From the beginning when early settlers came to Rutherford County, they brought with them superstitions and practices familiar to the American pioneer. Soon after the formation of Rutherford County in 1803, some of the best trained physicians in America located here. Early practitioners responded to the care needed for the growing population. By 1830, the Medical Society of Tennessee was formed by many local physicians who migrated here. One of the first charter members was Dr. James Maney, a progressive, public-spirited man, and early pioneer who settled and built Oaklands Mansion. Apparently, early on the professionals and citizens of Rutherford County recognized the relationship between a healthy community and its continued prosperity. So by 1900, local medical societies existed to ensure quality health care and promoted ethical medical practices.
In 1885, the Tennessee General Assembly passed a law creating county boards of health. The first report on the health conditions of the county was made by Dr. James B. Murfree in October 1885. This report primarily addressed poor sanitary conditions throughout the area including contaminated drinking water due to a typhoid epidemic.
At the turn of the 20th century, many local concerned citizens began to address public health care. In 1912, Miss Jeannette King, Director of Physical Education at the Middle Tennessee Normal School (now Middle Tennessee State University) with the assistance of local physicians and dentists organized with the first school health program. Soon after World War I, Miss Maude Cloverdale came as a public health nurse with the American Red Cross.
Local practitioners volunteered and extended quality healthcare to the rural areas of the county. It was Miss Maude, driven by the poor health conditions, observed in school age children who called the problem to the attention of S. B. Christy, local Red Cross Chapter president, at the time. Mr. Christy made an application to the Commonwealth Fund of New York for a comprehensive public health program.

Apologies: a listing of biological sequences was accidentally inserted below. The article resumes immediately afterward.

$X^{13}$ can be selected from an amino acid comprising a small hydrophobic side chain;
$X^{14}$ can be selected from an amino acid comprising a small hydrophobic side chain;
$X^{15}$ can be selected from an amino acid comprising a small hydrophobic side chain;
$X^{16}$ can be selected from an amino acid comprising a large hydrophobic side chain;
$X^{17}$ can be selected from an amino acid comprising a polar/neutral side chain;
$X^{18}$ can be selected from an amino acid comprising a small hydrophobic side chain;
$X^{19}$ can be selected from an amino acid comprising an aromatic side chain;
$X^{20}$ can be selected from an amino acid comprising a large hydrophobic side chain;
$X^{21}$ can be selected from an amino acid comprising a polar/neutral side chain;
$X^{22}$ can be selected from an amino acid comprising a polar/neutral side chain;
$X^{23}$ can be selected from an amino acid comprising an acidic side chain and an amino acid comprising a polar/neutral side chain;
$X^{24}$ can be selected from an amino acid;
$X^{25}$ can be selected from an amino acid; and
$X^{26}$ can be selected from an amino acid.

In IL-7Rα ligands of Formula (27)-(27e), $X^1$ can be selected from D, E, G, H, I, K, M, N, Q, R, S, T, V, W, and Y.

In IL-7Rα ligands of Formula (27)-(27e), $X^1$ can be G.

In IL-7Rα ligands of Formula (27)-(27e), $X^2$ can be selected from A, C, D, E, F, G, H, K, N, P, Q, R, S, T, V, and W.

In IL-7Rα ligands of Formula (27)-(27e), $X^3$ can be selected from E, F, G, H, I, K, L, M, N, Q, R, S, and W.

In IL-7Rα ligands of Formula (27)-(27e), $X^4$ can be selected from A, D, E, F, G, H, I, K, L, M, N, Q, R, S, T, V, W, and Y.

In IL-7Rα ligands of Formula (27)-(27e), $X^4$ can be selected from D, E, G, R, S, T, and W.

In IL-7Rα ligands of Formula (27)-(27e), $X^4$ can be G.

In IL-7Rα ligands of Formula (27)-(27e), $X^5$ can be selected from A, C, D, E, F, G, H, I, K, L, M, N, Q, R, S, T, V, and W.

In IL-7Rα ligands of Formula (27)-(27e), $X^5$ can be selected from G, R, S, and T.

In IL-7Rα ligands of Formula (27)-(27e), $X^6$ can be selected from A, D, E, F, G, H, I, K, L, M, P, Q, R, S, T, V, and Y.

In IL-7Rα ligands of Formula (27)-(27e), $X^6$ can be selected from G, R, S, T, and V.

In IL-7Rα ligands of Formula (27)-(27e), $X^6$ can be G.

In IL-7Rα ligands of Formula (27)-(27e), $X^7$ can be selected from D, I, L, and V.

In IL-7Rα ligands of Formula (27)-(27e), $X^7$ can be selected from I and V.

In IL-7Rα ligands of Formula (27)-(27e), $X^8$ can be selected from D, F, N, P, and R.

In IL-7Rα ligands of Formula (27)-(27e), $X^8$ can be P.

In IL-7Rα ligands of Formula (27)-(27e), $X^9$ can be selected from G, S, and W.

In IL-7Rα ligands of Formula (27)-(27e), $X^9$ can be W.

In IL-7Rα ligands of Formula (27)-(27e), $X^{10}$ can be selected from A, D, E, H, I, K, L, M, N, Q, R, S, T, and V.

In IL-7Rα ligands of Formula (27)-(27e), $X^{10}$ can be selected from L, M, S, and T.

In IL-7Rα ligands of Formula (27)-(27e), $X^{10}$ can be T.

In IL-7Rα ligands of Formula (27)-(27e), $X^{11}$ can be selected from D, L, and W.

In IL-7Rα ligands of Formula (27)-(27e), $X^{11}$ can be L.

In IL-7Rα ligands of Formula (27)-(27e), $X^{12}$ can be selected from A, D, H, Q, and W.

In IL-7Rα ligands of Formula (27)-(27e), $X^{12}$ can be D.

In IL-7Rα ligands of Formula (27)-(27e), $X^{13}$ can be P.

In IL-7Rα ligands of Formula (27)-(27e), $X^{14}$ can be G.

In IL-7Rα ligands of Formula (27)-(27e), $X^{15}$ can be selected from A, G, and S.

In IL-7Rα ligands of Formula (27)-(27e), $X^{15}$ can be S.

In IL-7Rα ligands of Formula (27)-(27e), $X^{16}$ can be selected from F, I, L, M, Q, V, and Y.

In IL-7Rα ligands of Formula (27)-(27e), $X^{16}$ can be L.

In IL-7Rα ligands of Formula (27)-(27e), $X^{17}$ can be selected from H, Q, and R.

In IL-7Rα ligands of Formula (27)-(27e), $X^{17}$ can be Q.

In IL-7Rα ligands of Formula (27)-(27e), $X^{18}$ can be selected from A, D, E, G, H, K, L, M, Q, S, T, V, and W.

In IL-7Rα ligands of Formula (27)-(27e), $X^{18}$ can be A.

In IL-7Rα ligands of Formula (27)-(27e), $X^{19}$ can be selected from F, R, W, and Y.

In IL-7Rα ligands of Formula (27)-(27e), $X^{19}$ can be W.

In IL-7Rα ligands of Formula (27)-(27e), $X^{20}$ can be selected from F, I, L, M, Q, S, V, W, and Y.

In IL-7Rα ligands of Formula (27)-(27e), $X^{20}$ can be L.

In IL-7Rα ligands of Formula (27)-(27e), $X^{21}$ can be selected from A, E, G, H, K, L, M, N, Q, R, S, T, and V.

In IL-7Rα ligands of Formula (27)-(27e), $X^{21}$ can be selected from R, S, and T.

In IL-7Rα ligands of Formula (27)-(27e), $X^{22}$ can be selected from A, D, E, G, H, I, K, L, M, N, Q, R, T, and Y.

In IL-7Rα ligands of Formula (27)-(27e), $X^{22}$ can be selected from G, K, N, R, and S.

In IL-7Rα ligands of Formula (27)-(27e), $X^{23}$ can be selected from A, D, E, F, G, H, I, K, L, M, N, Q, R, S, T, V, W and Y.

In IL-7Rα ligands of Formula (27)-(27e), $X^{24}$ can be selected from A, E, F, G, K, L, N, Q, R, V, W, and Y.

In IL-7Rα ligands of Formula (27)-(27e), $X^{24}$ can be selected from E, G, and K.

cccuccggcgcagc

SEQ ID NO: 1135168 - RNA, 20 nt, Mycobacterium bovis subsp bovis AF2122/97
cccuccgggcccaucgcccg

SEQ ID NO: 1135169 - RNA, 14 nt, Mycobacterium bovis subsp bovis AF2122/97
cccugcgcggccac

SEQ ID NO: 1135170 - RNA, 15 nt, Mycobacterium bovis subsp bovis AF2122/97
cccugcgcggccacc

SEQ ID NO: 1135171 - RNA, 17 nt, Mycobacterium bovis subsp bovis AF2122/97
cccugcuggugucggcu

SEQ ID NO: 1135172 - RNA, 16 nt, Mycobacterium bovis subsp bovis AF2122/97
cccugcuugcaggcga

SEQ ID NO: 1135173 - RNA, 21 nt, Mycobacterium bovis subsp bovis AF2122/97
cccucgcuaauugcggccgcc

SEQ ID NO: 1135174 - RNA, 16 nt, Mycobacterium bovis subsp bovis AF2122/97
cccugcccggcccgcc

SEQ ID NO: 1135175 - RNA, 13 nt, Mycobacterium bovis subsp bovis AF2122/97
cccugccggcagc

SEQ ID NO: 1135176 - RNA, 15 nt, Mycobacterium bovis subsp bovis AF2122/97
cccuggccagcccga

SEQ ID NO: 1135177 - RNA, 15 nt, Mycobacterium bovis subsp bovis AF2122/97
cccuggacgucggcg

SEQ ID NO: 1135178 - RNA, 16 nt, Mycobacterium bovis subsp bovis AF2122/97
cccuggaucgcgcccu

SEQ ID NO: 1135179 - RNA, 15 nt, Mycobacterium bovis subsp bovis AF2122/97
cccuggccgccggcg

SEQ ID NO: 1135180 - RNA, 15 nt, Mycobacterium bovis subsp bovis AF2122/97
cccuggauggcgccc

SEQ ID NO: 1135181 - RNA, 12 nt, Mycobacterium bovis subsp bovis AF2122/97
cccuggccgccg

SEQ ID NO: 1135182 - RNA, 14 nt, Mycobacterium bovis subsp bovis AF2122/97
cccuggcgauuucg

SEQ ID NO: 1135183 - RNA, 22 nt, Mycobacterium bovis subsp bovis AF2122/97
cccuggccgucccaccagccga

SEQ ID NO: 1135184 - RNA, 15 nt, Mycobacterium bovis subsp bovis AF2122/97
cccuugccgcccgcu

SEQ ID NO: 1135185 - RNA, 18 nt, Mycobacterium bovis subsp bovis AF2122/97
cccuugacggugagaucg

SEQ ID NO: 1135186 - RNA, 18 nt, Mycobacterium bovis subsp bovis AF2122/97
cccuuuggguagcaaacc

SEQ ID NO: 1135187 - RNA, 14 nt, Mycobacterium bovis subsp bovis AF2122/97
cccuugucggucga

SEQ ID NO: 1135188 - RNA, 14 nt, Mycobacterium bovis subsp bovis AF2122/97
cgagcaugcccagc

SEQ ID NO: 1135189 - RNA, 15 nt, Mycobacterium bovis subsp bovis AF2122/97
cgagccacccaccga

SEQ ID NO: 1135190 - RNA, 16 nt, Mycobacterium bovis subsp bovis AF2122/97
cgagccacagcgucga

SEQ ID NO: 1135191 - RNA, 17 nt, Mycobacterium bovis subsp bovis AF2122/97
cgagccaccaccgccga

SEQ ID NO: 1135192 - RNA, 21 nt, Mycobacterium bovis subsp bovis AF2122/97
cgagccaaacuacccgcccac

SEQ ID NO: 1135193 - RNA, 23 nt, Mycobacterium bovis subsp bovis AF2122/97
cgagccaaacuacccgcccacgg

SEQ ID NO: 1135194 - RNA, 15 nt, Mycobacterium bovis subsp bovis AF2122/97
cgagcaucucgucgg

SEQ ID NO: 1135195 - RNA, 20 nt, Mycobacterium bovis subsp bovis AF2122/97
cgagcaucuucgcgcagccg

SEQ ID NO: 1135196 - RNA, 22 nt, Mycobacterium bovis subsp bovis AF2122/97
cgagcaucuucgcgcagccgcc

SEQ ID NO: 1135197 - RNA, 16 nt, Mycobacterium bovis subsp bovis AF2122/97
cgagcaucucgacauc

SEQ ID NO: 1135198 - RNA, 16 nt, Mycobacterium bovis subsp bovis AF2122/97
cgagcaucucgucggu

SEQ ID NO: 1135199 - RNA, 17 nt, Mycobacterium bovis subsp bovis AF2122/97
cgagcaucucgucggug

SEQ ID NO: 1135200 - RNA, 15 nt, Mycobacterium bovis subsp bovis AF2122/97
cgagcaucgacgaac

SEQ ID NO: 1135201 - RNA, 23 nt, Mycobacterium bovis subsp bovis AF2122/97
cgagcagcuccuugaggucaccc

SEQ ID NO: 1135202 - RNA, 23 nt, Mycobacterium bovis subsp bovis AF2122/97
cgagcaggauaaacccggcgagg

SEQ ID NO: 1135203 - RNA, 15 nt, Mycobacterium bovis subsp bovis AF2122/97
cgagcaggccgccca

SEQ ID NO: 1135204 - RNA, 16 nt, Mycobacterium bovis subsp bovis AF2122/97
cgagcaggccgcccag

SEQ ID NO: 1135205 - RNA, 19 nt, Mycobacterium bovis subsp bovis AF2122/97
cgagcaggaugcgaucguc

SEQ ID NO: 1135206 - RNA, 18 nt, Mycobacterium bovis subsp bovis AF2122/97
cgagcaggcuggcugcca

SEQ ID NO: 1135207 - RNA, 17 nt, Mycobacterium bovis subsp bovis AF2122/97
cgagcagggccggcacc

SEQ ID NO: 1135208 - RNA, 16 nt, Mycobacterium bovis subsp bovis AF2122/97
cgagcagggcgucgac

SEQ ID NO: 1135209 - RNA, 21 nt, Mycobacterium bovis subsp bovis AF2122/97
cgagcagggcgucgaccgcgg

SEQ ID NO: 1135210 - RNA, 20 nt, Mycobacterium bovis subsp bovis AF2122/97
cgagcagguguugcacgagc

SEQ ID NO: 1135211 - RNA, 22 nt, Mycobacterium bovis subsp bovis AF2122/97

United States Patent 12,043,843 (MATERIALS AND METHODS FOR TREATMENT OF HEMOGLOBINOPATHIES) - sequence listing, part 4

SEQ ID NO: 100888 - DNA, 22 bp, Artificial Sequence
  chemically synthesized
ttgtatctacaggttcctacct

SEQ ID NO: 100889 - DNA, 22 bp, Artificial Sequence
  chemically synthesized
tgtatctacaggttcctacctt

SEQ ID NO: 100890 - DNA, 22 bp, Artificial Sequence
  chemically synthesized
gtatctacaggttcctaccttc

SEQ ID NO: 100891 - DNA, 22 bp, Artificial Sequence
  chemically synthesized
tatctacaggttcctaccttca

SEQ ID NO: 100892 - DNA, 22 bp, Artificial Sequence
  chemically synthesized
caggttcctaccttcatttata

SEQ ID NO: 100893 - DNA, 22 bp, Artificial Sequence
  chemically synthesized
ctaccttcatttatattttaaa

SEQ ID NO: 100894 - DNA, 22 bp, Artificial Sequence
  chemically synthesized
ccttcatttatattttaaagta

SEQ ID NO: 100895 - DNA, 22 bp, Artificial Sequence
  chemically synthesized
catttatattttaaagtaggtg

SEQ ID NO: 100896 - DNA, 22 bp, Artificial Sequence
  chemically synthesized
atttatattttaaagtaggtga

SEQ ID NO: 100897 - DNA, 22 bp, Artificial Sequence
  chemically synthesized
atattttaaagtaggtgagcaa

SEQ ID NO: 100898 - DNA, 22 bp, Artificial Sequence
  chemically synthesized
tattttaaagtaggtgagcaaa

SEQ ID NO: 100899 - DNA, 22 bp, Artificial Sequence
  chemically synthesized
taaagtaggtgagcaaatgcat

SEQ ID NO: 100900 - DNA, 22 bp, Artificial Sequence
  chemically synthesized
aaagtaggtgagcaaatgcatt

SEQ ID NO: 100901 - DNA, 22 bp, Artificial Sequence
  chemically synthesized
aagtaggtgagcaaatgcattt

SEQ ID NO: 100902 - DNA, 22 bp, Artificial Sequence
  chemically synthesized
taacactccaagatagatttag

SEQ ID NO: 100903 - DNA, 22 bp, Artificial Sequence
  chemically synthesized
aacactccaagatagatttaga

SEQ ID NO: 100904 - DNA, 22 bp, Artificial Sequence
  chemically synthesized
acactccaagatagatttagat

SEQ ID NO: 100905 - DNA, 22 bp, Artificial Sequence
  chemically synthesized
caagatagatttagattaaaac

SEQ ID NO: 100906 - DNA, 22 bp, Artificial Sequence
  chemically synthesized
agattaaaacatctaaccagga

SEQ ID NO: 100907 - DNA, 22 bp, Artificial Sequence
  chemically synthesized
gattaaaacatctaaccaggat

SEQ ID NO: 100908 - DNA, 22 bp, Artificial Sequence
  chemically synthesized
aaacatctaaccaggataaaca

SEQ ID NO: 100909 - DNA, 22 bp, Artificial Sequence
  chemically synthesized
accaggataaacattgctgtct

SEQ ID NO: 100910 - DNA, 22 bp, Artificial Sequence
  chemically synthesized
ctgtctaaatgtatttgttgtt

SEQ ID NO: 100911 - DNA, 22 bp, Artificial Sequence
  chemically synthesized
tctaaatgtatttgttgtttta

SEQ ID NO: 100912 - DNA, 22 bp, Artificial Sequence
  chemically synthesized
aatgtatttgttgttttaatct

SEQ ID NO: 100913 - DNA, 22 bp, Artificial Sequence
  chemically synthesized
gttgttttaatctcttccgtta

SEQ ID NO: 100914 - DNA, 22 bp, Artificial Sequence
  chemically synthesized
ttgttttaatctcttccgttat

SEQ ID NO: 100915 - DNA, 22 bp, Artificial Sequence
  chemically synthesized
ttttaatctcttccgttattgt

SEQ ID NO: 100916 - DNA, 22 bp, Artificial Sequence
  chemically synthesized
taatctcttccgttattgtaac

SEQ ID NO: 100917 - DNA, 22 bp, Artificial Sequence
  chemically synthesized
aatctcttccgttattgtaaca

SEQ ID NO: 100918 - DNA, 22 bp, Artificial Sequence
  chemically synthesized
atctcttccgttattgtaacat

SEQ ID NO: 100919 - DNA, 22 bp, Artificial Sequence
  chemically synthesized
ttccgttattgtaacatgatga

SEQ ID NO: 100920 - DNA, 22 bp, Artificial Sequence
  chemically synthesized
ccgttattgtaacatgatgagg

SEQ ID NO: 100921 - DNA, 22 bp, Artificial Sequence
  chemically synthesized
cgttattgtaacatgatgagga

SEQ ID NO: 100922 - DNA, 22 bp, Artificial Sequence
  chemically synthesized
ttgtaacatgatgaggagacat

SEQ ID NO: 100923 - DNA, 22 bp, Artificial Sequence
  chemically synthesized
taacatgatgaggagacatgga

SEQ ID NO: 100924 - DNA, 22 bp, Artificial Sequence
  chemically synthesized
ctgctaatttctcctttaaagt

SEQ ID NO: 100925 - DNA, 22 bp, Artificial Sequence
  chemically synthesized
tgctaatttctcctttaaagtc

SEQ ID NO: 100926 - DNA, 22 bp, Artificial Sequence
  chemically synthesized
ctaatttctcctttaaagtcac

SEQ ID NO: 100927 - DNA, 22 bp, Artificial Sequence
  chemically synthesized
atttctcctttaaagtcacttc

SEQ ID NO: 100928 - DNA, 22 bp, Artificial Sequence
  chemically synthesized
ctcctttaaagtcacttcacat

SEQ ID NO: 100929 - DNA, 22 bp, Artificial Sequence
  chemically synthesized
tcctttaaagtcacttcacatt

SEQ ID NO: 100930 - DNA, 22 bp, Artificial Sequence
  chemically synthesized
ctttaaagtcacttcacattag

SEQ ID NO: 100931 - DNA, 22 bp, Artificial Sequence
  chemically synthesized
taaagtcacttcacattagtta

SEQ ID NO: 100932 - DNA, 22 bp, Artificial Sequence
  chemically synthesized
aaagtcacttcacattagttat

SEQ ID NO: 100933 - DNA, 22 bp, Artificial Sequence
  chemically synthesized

The Commonwealth Fund, with the cooperation of the Tennessee Department of Public Health, opened the Child Demonstration of Rutherford County, Jan. 1, 1924 with Dr. Harry S. Mustard as director. This program enabled counties and local health departments to have full-time departments and staff that addressed rural health care.
In January 1929, the Child Health Demonstration officially closed, yet in the meantime the program had morphed into the Rutherford County Health Department. Again, local, concerned citizens encouraged county government to support this effort. The same community leaders under the leadership of S. B. Christy through the efforts of the Commonwealth Fund of New York agreed to erect the community’s first hospital. Plans went forth rather rapidly and the Rutherford Hospital with a capacity of fifty beds was opened in June 1927.
No matter if it was those affected by the cholera epidemic of 1833 or the wounded and battle scarred of the Civil War, addressing health care in Rutherford County involved a concerted effort. Just like those community-centered citizens in our past, it is our time to address continuous, quality community health care. With hard work and team effort in the future, we will identify and solve health care issues in Rutherford County.
It really is about the Golden Rule—“Caring for your neighbor as you do yourself” which Rutherford County from its formative years has addressed. Presently, the Primary Care and Hope Clinic and the Interfaith Dental Clinic are two of those efforts, private non-profit organizations started by concerned citizens and physicians and dentists to address the problem of the uninsured and undeserved residents.